I am hooked on a little mindless game. I asked my son to recommend a little mindless game, and he did. 2048. It’s all about moving digitized tiles around so that they progressively add up to powers of 2. I was really proud of myself when I broke through the 10,000 point barrier and patted myself on the back. Then a few weeks ago he casually mentioned that his point score was over a million. I asked him how he did it. Sagely, he replied “You just have to keep the big numbers out of your way.” I applied myself to this strategy with diligence, only to never break past 7,000 points. Just when I was feeling my age and technological ineptitude, my very bright boy flashes his phone screen in front of me. The tiles are gridlocked. He told me to look again. Every tile in the grid was a different power of two. It was impossible to go any further in the game. He left me in the dust.
Incredulous at his feat, I grabbed the phone to study the screen. That’s when I saw it. I shrieked. He laughed. His version of the game had an “undo” button! He could play the game and when a move didn’t work, simply undo it and go on. My version of the game has no such luxury. I mess up, and it’s game over time. “Not fair!” I screeched. He laughed. “It’s just a little mindless game!” he cajoled.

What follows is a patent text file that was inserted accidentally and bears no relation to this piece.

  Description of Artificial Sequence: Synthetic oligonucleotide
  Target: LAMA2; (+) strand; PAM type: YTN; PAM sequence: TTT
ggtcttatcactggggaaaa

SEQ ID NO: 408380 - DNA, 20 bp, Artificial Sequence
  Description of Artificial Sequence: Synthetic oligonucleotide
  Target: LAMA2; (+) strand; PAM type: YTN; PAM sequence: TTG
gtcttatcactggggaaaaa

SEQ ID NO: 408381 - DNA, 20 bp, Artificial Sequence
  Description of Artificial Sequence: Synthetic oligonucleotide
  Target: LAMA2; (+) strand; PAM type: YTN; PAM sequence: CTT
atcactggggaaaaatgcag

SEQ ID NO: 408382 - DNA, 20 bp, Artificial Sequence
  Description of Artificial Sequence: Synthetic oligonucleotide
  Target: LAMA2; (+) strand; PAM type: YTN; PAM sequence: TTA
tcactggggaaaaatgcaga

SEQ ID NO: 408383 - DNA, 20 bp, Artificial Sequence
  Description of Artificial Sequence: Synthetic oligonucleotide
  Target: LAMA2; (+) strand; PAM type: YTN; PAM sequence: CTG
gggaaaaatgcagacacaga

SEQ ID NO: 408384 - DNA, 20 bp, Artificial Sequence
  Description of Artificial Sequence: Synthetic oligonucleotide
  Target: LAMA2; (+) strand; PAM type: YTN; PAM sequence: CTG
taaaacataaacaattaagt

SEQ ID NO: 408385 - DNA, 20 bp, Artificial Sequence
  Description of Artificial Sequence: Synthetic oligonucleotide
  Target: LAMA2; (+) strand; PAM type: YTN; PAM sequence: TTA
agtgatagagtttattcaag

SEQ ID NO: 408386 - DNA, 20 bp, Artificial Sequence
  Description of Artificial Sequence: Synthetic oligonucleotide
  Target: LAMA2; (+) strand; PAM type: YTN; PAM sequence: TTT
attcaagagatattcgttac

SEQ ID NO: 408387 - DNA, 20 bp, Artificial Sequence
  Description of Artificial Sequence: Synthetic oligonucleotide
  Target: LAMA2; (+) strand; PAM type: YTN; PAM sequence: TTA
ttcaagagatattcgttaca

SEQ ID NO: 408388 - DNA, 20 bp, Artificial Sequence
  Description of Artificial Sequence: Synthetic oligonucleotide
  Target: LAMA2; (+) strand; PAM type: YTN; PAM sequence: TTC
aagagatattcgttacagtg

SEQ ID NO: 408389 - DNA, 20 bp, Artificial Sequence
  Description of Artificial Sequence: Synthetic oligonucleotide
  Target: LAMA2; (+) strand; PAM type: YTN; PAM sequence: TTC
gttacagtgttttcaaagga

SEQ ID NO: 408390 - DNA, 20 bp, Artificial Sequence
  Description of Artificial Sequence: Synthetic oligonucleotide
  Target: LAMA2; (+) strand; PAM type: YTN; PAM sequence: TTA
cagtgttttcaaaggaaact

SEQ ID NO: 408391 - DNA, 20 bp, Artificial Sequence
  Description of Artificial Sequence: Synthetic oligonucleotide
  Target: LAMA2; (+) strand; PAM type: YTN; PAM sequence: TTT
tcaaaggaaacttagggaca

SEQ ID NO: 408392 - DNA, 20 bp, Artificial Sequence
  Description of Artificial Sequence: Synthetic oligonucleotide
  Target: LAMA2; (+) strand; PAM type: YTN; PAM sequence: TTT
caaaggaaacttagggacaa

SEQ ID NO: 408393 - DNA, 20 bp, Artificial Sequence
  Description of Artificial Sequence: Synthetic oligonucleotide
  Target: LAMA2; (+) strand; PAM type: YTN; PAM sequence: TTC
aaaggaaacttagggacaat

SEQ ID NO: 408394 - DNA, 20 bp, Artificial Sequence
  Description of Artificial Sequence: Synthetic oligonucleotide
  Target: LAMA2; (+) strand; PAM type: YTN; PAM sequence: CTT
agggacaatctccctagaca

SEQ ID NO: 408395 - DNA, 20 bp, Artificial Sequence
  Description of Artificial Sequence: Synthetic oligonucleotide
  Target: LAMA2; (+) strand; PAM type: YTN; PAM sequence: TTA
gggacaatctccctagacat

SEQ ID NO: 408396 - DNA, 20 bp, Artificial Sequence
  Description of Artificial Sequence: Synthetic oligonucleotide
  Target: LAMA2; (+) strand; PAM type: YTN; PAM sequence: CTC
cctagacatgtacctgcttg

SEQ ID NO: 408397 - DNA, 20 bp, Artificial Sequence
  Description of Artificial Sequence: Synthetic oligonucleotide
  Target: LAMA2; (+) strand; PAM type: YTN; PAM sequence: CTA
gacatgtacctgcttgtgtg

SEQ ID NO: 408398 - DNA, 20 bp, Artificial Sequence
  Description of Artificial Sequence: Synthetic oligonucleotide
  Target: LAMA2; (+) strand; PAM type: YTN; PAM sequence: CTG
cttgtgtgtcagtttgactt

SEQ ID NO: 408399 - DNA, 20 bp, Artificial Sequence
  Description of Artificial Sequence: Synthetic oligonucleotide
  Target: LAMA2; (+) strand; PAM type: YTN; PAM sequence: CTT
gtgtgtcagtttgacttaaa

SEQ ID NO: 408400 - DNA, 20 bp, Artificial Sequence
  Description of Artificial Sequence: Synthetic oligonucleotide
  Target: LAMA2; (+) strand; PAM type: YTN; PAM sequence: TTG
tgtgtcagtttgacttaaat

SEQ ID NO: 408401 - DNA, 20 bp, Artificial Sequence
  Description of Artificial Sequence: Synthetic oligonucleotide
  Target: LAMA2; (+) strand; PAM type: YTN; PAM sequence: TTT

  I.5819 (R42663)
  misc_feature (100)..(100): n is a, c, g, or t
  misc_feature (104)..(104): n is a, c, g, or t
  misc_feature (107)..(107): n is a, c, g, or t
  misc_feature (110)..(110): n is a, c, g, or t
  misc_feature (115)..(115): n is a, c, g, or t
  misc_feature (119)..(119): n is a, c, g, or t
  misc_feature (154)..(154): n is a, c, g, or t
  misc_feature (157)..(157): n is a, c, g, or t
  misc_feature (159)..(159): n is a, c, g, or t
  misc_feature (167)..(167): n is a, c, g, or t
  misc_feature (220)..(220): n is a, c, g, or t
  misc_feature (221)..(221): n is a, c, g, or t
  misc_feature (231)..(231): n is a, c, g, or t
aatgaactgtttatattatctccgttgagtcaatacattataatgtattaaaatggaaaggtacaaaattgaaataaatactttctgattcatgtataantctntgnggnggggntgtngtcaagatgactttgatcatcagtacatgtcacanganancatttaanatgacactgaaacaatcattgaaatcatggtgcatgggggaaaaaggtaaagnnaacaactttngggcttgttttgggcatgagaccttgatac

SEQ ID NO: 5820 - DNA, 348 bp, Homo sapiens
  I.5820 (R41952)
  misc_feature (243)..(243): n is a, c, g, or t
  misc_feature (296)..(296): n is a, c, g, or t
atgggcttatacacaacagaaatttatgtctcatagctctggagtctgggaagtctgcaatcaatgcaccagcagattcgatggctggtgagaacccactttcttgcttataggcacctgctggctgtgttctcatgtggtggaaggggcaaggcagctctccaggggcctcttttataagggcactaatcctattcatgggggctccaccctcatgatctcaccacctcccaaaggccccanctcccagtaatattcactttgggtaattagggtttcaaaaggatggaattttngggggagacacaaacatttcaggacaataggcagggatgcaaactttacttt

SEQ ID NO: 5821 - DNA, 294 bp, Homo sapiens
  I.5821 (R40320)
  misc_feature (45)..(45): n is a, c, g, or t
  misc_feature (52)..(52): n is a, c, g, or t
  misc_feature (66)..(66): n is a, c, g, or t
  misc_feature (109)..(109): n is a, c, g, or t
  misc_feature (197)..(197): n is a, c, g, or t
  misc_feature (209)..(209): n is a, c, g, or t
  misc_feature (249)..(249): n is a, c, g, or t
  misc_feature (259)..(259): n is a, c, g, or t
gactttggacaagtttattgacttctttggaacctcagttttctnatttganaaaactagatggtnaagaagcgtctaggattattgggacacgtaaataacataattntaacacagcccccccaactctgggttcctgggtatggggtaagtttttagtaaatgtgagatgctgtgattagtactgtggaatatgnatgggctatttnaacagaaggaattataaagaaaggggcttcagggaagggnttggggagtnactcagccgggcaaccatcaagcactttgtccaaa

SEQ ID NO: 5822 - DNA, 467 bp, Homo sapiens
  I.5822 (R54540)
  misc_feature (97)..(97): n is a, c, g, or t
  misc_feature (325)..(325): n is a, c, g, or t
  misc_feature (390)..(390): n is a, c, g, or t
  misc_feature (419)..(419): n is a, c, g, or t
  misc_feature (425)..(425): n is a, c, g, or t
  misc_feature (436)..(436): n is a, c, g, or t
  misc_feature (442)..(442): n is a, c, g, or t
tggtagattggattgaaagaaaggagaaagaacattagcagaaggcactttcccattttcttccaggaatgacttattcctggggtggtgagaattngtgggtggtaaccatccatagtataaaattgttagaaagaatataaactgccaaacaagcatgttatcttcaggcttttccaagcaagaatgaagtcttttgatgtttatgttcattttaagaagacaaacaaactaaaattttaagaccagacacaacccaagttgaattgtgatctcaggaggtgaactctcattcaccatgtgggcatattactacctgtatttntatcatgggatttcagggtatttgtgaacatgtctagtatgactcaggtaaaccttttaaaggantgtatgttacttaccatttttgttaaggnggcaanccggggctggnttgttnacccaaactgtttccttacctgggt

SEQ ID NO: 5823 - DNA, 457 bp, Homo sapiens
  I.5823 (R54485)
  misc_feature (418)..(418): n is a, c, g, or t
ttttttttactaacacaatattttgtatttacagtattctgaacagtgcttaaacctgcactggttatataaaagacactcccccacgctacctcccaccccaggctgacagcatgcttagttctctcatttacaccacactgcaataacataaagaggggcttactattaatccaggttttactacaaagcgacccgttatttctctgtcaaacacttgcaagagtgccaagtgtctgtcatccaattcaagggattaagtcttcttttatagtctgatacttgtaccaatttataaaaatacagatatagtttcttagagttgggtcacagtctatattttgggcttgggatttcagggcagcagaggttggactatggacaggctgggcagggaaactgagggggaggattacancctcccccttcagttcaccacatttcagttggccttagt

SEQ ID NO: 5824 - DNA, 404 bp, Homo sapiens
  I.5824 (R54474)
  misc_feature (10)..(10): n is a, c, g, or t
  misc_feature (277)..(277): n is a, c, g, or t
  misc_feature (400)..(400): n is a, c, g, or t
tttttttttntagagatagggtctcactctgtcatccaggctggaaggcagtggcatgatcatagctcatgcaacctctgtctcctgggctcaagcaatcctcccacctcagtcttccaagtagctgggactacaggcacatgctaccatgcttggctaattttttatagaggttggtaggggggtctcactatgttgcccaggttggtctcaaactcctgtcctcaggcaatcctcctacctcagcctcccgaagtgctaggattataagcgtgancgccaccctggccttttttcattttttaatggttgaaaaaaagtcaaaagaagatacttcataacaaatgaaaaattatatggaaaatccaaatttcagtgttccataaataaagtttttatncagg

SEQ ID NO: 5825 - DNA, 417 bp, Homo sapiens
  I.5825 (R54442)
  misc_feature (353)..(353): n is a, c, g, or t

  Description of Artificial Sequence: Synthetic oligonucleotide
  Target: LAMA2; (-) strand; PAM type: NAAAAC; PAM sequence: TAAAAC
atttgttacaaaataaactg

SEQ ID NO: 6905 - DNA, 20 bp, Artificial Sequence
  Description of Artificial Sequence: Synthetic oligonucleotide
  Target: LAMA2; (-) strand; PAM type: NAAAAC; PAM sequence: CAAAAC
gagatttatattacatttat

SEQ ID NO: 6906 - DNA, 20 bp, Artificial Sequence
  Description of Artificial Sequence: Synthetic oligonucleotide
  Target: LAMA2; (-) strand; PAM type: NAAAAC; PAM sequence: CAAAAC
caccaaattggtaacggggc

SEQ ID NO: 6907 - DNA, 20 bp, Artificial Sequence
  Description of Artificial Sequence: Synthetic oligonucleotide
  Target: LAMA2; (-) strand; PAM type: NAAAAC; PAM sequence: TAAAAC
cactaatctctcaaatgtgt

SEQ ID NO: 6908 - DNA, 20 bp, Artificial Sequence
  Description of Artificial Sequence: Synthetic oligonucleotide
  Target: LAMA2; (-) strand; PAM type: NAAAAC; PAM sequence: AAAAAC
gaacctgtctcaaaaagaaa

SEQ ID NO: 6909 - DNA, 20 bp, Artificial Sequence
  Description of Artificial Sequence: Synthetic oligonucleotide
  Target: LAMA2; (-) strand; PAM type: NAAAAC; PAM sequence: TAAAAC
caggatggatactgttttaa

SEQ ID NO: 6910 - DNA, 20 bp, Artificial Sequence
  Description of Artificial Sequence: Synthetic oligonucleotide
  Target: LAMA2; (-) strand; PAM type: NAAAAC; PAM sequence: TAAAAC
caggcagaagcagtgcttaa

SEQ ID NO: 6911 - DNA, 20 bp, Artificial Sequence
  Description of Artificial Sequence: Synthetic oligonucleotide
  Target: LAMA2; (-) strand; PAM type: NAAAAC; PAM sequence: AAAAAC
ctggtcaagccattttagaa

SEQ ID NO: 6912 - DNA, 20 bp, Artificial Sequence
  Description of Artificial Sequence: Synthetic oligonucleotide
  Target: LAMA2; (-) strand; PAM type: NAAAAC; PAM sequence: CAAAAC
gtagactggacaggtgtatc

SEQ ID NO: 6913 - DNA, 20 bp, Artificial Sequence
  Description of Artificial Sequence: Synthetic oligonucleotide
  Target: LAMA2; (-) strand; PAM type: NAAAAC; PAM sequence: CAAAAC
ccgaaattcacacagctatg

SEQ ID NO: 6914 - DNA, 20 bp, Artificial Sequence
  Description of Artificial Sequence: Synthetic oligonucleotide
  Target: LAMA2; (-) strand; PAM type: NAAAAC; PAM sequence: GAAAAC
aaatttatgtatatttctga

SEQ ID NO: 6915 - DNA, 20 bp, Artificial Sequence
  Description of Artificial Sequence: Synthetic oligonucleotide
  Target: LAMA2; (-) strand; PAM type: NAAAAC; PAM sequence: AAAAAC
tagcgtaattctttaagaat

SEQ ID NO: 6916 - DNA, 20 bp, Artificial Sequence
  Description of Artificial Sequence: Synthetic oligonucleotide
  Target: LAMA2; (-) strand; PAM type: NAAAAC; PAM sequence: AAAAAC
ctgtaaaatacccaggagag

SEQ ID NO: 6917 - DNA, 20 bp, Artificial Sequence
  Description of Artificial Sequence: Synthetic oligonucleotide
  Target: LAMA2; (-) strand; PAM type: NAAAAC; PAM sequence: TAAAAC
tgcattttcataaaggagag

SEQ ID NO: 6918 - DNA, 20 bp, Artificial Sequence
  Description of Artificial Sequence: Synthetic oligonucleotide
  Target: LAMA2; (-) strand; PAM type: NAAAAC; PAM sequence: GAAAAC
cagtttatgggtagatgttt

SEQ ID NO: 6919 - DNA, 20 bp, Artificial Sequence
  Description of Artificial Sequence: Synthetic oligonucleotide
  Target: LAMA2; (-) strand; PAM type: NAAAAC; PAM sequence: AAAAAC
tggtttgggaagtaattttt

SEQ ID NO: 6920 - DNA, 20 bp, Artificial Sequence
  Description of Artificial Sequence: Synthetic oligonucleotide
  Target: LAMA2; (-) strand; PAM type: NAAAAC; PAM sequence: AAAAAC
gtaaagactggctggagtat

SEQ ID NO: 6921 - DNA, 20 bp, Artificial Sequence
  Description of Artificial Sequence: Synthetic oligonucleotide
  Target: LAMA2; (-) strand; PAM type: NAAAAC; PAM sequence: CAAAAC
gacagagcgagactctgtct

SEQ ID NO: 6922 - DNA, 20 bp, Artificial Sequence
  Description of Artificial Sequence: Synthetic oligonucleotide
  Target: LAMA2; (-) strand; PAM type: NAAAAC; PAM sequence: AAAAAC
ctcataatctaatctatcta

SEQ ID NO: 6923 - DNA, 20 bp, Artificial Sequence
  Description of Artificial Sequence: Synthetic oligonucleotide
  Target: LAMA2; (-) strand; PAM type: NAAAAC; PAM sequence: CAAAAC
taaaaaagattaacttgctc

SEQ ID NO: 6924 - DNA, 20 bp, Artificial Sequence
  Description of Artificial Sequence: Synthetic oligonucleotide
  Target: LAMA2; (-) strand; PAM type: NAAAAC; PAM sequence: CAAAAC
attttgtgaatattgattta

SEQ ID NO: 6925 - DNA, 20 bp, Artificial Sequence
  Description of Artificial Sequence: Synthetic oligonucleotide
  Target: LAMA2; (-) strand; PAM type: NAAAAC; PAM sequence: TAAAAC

Or is it? Does it ever seem to you that your version of the game is somehow different from other people’s, and didn’t come with the instructions? Then you noticed other people had cheat sheets, which you didn’t even realize existed?
Then when you display a little righteous indignation, someone pats you gently on the arm and tells you it really doesn’t matter, it’s just a little mindless game. Or maybe they tell you that the game is passe and no one really cares about it anymore. They have moved on to the next little mindless game while you are still working out how to play this one. You laugh and shrug it off. Tomorrow is a new day.
It is after all, a little mindless game. Unless of course, it’s not.
Now you know the Gospel. There is an undo button. It might not take you back to the exact place you were, and in fact usually doesn’t. Out of the gridlock and wreckage, the undo button is like the mysterious “system restore” button on the computer. (Didn’t know about that one either, perhaps?) Tomorrow really is a new day. Have courage, be of good cheer.